Top tips for settling into your new country as an expat
Despite an initial settling-in process, expats say they are loving life in their adopted countries and are there to stay, reveals new research from AXA PPP International.
Those looking to improve life satisfaction should consider moving abroad it seems, with more than half of expatriates saying they have no intention of going home according to recent online survey of expats for international expat health insurance provider AXA PPP International. On average, 60 percent of respondents said their overseas move lived up to all of their expectations, while 38 percent reported that it lived up to some. Only two percent were abroad for the short-term and had an actual date set to return home.
The reasons that drove expats to move to a new country included the search of a new adventure, an improved work/life balance and better weather. Other motivations referenced included superior career opportunities, healthcare or a previous desire to live in a specific area of the world.
Despite the high life satisfaction, however, adjusting to life in a new country was not easy for all. Seventy-six percent found settling in an easy or enjoyable process while 22 percent admitted they found it difficult to settle, build a social life and get to grips with local laws. Of those who found it easy or enjoyable, 13 percent had attributed it to the preparations made beforehand.
With that in mind, if you’re considering a move abroad here are six top tips to help get you through what are often the six toughest months of your new life abroad.
1. Give yourself time to settle in
It takes time to integrate and find your place in a new society so don’t worry if after a couple of months you are still feeling a bit lonely and missing loved ones at home. It generally takes months to settle in.
You can ease the way by saying 'yes' to invitations from colleagues and neighbours, and joining local groups, clubs and classes, for example a choir, a tennis club or an exercise class. It won’t happen overnight but getting out there and meeting people will help. Staying home alone will not.
2. Tie up any loose ends
While embracing your new life is key to your happiness in the longer term, you will have to monitor some ties with your current home. Keeping in contact with friends and family back home is of course important, as is tying up any loose ends such as final utility bills and changes of address.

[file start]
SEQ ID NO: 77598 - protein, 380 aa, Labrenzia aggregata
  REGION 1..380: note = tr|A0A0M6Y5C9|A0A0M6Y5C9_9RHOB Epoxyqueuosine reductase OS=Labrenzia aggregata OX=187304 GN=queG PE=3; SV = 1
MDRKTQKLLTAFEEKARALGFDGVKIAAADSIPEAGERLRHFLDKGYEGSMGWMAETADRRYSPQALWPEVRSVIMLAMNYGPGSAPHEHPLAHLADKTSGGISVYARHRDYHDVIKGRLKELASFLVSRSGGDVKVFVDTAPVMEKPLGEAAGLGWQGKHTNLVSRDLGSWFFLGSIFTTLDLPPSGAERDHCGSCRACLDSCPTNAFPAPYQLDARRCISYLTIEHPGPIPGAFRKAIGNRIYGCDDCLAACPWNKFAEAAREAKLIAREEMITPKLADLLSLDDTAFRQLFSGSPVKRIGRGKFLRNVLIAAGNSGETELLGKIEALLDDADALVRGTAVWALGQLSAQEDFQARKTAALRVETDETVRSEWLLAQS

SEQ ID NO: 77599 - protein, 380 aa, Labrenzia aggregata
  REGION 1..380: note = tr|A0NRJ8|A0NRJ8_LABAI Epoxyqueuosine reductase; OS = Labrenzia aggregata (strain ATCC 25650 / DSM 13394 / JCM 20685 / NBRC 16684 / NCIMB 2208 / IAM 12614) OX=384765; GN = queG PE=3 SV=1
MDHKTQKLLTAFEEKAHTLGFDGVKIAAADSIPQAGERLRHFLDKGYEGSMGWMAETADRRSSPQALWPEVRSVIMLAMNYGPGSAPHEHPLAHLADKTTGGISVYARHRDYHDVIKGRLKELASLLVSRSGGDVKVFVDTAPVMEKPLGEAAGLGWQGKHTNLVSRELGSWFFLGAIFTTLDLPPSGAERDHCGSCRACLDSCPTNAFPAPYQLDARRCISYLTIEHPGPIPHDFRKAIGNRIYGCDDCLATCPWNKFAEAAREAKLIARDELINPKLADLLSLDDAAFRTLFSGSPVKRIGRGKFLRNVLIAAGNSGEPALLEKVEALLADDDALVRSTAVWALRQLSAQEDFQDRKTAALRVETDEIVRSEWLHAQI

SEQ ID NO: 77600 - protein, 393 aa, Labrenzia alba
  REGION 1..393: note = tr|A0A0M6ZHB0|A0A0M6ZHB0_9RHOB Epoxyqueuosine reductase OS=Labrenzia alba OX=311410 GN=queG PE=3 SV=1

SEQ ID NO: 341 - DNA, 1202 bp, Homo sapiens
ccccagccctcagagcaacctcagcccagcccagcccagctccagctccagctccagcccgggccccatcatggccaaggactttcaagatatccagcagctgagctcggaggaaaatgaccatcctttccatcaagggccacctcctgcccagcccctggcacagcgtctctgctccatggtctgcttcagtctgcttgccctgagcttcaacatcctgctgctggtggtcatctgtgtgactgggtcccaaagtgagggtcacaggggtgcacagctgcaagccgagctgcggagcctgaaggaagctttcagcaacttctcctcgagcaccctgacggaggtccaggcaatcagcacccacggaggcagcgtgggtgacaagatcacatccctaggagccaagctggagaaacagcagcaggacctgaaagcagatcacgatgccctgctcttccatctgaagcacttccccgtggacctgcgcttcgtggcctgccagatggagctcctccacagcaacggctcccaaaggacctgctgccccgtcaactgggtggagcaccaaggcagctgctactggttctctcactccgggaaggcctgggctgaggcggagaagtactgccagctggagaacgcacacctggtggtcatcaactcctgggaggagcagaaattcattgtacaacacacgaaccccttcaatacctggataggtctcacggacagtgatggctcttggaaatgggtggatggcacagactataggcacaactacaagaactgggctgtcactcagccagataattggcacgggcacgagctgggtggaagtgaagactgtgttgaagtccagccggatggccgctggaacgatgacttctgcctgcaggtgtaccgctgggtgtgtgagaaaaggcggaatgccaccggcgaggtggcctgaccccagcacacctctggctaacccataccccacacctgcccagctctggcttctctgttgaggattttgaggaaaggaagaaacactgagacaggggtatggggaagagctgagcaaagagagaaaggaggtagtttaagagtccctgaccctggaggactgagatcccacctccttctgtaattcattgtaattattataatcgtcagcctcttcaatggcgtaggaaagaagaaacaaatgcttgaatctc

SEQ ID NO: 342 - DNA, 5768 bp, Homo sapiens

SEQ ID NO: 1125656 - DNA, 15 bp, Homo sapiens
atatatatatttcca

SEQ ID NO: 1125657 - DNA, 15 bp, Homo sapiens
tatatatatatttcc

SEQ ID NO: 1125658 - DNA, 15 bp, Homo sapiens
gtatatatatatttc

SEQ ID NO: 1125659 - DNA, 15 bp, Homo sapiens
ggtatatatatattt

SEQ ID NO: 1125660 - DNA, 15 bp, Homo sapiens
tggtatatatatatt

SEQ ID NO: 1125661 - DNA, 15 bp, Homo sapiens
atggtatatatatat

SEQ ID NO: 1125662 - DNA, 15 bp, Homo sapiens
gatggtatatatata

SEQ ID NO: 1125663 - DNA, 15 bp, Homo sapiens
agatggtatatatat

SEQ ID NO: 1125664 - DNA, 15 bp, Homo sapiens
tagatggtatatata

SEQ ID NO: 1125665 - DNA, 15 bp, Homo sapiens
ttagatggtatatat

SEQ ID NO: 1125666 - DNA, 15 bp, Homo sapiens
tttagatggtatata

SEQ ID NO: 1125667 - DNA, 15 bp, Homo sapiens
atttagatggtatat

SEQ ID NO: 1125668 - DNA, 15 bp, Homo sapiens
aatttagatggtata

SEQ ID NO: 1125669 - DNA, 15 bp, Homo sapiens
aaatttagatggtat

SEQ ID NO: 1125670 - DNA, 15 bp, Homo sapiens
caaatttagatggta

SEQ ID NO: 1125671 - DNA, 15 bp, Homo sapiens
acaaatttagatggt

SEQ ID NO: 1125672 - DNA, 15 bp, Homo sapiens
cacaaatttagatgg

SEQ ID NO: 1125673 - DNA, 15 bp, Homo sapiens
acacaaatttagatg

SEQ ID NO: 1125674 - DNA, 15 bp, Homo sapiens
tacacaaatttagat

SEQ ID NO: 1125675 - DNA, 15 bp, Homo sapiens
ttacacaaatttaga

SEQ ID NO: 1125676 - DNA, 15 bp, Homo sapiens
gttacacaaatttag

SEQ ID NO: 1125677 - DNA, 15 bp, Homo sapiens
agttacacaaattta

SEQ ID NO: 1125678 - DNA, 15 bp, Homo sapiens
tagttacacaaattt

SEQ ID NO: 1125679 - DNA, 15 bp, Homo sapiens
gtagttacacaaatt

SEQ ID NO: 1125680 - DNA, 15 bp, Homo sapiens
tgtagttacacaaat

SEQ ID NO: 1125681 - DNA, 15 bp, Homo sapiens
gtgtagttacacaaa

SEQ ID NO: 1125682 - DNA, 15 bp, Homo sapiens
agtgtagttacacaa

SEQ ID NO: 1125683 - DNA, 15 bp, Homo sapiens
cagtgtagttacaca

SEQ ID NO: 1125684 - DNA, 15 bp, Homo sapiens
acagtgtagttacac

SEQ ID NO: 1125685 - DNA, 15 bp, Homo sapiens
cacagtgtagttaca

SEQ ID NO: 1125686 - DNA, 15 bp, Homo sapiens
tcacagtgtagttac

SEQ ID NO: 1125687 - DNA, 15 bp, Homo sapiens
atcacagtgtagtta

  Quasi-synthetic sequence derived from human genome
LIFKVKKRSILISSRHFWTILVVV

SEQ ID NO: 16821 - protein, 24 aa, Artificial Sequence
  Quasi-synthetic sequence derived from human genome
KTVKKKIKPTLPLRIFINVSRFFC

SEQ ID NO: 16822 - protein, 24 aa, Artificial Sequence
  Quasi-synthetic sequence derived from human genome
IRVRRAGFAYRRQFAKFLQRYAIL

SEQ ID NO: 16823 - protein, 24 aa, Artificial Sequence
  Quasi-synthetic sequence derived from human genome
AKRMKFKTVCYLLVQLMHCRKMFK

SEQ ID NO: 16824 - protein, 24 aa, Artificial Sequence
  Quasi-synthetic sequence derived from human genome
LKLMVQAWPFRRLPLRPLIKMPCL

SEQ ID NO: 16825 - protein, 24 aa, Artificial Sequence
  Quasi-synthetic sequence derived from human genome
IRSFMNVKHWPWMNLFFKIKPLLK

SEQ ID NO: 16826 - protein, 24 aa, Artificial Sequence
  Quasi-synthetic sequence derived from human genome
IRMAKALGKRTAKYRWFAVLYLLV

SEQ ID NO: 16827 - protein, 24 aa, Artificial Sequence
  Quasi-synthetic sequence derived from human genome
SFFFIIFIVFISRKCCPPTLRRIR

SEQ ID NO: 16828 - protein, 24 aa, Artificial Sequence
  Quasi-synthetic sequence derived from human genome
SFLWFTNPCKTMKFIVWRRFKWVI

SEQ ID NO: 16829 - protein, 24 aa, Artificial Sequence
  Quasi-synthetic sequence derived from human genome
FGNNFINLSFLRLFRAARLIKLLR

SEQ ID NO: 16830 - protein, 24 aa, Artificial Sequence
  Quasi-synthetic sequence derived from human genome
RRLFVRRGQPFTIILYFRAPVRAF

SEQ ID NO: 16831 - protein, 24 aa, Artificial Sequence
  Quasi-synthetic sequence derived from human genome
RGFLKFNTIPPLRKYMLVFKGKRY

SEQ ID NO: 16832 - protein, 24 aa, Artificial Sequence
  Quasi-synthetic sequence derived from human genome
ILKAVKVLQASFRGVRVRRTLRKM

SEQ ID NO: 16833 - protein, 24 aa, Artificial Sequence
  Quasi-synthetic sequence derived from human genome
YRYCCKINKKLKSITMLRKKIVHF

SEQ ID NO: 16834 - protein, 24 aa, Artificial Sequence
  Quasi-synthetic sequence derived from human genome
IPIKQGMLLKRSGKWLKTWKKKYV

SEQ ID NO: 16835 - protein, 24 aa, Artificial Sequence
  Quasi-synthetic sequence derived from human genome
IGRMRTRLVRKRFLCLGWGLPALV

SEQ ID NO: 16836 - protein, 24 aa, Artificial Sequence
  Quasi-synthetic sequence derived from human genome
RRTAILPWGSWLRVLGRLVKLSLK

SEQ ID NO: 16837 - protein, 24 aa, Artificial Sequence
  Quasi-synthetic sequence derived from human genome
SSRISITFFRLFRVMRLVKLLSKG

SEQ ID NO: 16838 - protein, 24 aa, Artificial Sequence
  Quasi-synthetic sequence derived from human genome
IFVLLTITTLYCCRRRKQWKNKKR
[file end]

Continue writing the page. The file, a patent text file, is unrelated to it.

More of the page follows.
A helpful tip is to have your mail redirected to someone you trust and ask them to let you know when anything needs your attention. Even something as trivial as a parking ticket can become a big, expensive headache if it gets ignored.
3. Get set up financially
Some expats stay in accommodation found by their employers, at least initially. If this is not the case, you will need to find a place to stay and may need to look into the supply of various services such as water, electricity and internet.
You will also need to research and open a local bank account and protect yourself with insurance. Increasingly, there are banks that cater to international residents, offering specialised services such as English-language information or financial advice on local legal requirements. When choosing a bank account compare the fees and interest rates on offer before making your choice.
Shop around too to get the best deal on insurance, and in some countries there are insurance comparison sites to help you with this. Some insurances are mandatory in certain countries, for example, health and home insurance.
With health insurance, expatriates need to consider which policies can cover their transient lifestyle. Iinternational health insurance policies, for example, allow you to receive hospital treatment both in your new country of residence and your home country.
4. Mix with the locals
It can be tempting to spend all your time with other expats. But doing this means missing out on a world of culture and useful local knowledge. If you are moving to a country where you do not speak the language, it can boost your social life to learn at least the basics as quickly as possible. Learning the local language can make everyday life a lot easier, and will also help you to meet people and start making friends.
5. Protect your health
Finding a good local doctor may not seem a top priority when you first move overseas but it will quickly become urgent when you need medical attention. In countries where waiting lists are long, if you wait until you're sick you might not get timely treatment. You should start looking for a doctor as soon as you arrive by checking local embassies, which usually post lists of recommended medical providers in your language, or asking acquaintances for recommendations.
Where possible, obtain a copy of your medical records so that your new doctor has access to accurate, up-to-date information. You should also make sure you are familiar with the signs and symptoms of local illnesses, have adequate vaccinations, locate your closest hospital and emergency clinic, be aware of local emergency numbers and have a well-stocked First Aid kit in your home.
If you regularly take medication you should research whether you can buy it abroad or take along six months prescription where possible.
6. Be patient
In many parts of the world, life moves at a slower pace. Appointments might be less than punctual or your post can take weeks or months to arrive. Such things can be hugely frustrating — even for expats who have been living abroad for years. But it often doesn't help to get worked up. Instead, try to remember that a more relaxed way of life was probably one of the reasons you wanted to move away.
AXA PPP International / Expatica
The data is based on an online survey of 463 expats in December 2015 by market research agency Atomik.
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